In Lajpat Nagar, at the Afghan Church of Delhi, Sunday masses are held in Dari, a variety of Persian spoken in some parts of Afghanistan. This not-so-old church was set up by some hundreds of Christian refugees who fled the Islamic state facing persecution for years. Recalling the horrors back home, the pastor at the church says, “Life has changed positively after reaching India. Indian citizenship to us is God’s justice.”
Afghanistan has only one church now — inside the premises of the Italian embassy. The last Christian priest in Afghanistan was Father Giuseppe Moretti who had to return to his homeland after being injured in a bomb attack. Afghanistan built a church in 1970 as a reciprocal gesture to US President Dwight D Eisenhower for the Islamic centre in Washington. But it stood there only for three years before being razed to ground. Moretti says: “The roots of Zoroastrianism are in Afghanistan. For centuries, Buddhism also played a very important role. Nestorian Christianity was present, [and so were] Jewish communities. I believe this multiple religious presence left a profound respect for others’ in the Afghan spirit. Today, however, one learns to live with the fear of bombs.”
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According to the 2009 report of the Bureau of Democracy, Human Rights and Labor of the US State Department, “ [In Afghanistan] There are approximately 4,900 Sikh and 1,100 Hindu believers, and more than 400 Baha’is. There is a small, hidden Christian community; estimates on its size range from 500 to 8,000. Non-Muslim minority groups continued to face incidents of discrimination and persecution.” As peaceful co-existence with radical Islam is next to impossible, non-Muslims had to flee to nations like India. There are about 14,500 refugees from Afghanistan registered with the UNHCR in India as of July 1, 2018.
A Pakistani Christian woman, Asia Bibi, reached Canada this May after spending 10 years in a Pakistani prison. Framed by her colleagues in a case of blasphemy, she was sentenced to death by a Pakistani court. Pakistan’s minister for minorities, Shahbaz Bhatti, and Punjab Governor Salmaan Taseer were both assassinated for advocating relief for her. A Muslim cleric announced a Rs 5 lakh reward for killing her. Only significant international pressure, including from the Pope, could save her. Asia’s ordeal reflects the viewpoint of Khawaja Nazimuddin, the second prime minister of Pakistan who said: “I do not agree that religion is a private affair of the individual nor do I agree that in an Islamic state every citizen has identical rights, no matter what his caste, creed or faith be.”
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In July 2010, a Hindu youth drinking water from a tap near a mosque led to the ethnic cleansing of about 400 Hindu families. A suicide attack targeting Christians celebrating Easter at Lahore in March 2016 left 70 dead and more than 340 wounded. Hundreds fled their homes in Faisalabad in 2005 as churches and Christian schools were set on fire by a mob. A list prepared by the US-based platform, Open Doors, reveals that the top 10 nations which inflict maximum persecution on non-Muslims were Islamic nations, except North Korea and Eritrea. Pakistan ranked 4.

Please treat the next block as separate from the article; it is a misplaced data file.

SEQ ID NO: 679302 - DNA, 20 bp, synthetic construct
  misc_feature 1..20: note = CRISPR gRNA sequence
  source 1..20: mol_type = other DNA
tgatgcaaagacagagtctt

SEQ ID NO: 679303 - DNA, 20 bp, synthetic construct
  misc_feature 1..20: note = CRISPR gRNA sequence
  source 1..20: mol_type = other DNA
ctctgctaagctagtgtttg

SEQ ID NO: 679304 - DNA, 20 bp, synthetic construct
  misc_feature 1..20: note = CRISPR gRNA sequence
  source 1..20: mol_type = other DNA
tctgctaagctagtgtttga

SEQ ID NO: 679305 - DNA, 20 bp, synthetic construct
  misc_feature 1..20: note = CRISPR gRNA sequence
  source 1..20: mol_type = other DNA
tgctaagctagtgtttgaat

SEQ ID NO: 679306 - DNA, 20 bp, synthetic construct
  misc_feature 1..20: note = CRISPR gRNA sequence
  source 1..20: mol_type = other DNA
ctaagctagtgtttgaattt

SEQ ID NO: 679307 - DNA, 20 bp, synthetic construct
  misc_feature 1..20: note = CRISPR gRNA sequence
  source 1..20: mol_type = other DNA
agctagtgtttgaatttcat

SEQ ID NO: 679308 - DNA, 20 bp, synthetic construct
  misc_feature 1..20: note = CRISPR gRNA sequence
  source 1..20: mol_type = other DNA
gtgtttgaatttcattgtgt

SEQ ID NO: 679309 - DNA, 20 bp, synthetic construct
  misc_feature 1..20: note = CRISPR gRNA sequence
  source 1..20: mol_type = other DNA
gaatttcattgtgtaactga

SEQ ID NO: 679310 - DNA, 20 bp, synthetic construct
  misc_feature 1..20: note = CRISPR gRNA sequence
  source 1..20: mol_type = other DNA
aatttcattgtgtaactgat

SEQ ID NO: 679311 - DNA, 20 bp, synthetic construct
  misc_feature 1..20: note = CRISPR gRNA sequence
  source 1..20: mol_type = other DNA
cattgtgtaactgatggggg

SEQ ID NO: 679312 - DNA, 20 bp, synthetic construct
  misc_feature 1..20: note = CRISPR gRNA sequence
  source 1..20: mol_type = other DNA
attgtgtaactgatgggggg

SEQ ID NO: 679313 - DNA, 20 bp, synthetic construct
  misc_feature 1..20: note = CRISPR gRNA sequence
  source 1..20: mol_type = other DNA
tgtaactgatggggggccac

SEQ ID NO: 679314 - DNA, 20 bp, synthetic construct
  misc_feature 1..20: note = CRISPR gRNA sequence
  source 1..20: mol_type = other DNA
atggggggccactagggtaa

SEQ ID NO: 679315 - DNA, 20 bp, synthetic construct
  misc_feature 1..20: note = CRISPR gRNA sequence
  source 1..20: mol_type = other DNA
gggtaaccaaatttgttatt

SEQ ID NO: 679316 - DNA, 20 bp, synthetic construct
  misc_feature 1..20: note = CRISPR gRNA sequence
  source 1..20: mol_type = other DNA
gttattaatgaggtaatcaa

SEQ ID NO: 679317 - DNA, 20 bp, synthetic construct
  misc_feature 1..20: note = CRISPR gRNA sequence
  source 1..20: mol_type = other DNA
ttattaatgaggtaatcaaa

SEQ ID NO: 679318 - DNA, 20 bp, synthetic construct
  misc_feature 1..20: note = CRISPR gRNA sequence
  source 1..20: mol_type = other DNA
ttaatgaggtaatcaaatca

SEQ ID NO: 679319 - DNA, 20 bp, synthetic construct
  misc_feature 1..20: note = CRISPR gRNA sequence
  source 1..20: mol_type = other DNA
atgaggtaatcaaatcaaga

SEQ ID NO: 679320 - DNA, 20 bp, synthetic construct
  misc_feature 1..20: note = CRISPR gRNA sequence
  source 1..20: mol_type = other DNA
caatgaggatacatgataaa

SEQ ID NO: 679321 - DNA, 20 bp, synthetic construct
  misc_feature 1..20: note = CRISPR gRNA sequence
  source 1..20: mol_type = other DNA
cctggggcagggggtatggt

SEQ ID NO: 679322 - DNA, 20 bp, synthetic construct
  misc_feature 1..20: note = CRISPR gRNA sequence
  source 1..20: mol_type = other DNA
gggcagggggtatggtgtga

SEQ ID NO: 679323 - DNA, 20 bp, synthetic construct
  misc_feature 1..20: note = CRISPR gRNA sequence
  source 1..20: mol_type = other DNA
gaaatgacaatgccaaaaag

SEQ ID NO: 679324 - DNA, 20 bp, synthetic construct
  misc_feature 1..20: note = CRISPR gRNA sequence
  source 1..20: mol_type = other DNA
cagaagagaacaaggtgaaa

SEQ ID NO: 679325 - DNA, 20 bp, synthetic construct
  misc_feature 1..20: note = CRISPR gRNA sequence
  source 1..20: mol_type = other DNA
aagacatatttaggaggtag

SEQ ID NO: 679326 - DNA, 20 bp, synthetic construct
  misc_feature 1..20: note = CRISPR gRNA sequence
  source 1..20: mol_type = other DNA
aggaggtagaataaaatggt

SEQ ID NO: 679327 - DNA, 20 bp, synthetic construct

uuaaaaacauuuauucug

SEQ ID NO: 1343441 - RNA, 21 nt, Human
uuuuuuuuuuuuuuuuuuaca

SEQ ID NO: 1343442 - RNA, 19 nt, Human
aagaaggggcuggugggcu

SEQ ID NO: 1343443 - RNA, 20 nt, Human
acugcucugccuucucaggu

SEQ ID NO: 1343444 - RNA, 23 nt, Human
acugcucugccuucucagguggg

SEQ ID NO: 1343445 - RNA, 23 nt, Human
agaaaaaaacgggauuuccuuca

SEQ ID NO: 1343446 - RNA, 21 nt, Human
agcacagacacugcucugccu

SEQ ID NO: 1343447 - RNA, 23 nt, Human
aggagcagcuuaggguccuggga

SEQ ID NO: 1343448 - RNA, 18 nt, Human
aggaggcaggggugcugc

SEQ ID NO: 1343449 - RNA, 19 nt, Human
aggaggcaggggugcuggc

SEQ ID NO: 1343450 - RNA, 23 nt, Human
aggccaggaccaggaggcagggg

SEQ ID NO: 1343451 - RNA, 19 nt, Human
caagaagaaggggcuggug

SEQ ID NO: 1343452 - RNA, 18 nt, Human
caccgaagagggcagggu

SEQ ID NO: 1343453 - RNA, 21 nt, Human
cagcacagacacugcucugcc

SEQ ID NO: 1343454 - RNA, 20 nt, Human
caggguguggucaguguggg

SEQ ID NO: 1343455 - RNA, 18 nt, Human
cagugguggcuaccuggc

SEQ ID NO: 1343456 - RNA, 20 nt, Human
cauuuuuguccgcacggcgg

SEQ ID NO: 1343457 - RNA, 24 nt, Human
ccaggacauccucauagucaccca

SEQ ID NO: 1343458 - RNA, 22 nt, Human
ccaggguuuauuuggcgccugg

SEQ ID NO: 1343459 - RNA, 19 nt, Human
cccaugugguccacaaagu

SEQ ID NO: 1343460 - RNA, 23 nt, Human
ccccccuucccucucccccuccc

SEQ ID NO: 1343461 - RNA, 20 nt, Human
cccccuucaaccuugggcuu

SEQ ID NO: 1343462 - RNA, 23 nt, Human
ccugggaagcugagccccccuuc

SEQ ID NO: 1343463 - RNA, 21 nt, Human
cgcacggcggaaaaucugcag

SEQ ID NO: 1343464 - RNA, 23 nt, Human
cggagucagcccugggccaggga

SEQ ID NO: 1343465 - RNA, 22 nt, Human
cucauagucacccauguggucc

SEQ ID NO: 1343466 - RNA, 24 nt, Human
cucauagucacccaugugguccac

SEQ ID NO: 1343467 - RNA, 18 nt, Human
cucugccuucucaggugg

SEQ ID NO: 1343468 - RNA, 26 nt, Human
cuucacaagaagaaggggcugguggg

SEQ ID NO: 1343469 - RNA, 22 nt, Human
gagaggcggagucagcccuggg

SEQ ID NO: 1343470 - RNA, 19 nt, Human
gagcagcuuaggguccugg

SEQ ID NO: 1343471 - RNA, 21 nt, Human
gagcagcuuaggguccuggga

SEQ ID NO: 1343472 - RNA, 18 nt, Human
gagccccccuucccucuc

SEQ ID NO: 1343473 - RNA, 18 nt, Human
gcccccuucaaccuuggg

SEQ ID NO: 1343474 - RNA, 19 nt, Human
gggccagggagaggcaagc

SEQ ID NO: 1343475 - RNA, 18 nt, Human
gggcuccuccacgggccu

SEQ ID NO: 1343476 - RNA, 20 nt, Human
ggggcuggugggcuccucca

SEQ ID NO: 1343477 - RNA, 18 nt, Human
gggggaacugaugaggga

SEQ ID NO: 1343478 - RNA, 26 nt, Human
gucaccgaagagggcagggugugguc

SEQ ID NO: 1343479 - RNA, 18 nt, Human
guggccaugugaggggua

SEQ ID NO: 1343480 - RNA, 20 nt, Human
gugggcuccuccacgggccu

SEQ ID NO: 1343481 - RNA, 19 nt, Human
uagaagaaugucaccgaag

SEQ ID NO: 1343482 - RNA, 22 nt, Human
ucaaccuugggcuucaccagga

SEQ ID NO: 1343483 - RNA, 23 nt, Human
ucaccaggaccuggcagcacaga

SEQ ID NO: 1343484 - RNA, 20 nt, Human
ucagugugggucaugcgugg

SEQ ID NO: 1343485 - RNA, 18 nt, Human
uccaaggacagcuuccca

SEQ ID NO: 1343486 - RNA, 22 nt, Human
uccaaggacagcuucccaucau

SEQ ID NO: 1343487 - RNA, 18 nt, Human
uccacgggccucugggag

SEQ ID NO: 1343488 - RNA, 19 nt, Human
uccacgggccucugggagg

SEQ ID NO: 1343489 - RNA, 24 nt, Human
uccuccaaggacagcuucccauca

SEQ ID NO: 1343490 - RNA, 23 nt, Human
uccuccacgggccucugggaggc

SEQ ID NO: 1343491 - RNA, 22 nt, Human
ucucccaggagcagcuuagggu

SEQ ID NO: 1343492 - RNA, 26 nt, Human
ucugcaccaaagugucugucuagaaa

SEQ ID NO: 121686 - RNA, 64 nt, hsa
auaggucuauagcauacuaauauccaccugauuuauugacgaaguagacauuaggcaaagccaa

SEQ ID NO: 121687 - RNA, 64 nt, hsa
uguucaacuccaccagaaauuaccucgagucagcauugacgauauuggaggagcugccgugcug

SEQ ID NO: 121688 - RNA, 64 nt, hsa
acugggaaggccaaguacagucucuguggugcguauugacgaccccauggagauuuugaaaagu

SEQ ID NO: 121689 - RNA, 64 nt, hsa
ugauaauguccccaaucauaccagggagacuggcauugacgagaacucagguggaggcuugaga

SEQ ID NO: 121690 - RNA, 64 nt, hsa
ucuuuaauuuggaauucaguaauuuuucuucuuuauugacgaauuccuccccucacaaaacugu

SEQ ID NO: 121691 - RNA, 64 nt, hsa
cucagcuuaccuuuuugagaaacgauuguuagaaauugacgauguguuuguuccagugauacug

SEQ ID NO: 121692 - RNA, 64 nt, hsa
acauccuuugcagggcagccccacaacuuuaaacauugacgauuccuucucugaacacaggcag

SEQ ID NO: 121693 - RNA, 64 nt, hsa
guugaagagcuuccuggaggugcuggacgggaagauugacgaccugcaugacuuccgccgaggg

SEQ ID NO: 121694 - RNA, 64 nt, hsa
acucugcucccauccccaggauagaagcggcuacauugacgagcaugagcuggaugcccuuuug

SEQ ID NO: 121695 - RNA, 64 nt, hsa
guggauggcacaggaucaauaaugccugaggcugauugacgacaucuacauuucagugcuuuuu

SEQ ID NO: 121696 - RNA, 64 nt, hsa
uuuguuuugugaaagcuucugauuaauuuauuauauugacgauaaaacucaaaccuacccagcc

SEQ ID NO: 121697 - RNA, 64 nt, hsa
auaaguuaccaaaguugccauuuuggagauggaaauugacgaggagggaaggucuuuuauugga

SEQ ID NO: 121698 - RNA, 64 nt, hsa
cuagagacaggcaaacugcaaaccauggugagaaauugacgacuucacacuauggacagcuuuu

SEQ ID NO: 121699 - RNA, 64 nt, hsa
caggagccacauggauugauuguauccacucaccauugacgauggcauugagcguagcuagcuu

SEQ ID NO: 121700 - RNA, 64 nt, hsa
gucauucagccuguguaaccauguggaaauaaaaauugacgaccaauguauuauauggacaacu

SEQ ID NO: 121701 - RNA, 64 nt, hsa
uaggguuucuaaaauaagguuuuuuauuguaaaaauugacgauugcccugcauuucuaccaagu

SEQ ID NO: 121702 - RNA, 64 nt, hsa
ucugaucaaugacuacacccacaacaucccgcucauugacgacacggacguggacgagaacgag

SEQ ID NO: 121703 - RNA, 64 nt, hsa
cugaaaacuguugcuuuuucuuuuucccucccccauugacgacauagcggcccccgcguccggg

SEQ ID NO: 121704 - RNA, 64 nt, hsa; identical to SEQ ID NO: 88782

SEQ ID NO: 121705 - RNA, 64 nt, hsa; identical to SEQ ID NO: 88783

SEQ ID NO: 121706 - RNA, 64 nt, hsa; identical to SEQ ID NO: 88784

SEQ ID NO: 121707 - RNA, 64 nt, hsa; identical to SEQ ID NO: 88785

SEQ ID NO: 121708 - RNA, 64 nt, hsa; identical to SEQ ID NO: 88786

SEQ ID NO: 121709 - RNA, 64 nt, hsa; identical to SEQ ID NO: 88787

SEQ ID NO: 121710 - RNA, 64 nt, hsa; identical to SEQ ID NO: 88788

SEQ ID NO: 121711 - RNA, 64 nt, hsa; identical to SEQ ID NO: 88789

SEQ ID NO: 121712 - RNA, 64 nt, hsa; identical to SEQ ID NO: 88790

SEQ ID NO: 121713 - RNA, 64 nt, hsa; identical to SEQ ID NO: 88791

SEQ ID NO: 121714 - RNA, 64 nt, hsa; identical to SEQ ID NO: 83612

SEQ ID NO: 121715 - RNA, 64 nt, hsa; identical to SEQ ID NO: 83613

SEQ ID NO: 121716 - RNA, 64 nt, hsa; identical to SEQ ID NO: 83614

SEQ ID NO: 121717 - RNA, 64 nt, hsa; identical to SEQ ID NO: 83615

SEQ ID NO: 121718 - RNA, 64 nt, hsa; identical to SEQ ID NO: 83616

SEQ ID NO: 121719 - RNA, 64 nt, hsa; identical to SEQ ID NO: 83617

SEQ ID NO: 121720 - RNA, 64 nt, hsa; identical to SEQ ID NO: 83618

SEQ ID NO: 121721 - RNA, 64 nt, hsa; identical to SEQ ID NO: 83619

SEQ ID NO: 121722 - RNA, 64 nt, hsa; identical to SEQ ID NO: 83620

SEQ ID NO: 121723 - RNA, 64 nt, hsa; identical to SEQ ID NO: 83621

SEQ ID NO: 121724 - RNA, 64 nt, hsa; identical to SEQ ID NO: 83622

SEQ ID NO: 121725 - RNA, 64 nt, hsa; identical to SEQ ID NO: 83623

Hundreds of persecuted non-Muslim minorities including Hindus, Sikhs, Buddhists and Zoroastrians migrate to India from these neighbouring nations every year. The case of Christians is not different. The Citizenship (Amendment) Act (CAA) recognises the role that each nation has to play in ensuring that all human beings are given a chance to live a life of dignity. India might be a non-signatory to the 1951 UN Convention on Refugees, but it has never shied away from granting asylum to those in need.
In his famous opening address at World Parliament of Religions, Swami Vivekananda said, “I am proud to belong to a nation which has sheltered the persecuted and the refugees of all religions and all nations of the earth.” In the 12th century, India welcomed the Zoroastrian (Parsi) community facing persecution by Iran’s Qajar dynasty. So was the Baha’is. Jews lived in India for centuries, becoming part of its culture and ethos. The people of Tibet, under leadership of 14th Dalai Lama, were welcomed with open arms. The country has absorbed many who have been wronged into its syncretic culture.
Many ancient churches of Kerala acknowledge the support of Hindu rulers who facilitated their setting up. It is in this spirit that the CAA should be seen and understood. India is the only nation in South Asia that has a syncretic culture and can absorb all the persecuted minorities who have nowhere to go. Pakistan, Afghanistan and Bangladesh have followed the policy of state-led Islamisation, which has dehumanised people hailing from other communities.
With the CAA, India is performing its historical duty, one it has been fulfilling for centuries. The Act also echoes the spirit of the Indian Constitution. The voices that are raised today against CAA need to answer only one question: Has any exodus of Christians, Muslims, Buddhists, Zoroastrians or Sikhs from India occurred due to persecution under BJP rule? If the answer is in negative, let us embrace the CAA with open arms.
The writer is National Secretary of the BJP’s youth wing
This article first appeared in the print edition of January 4, 2020 under the title “Shelter from the storm”
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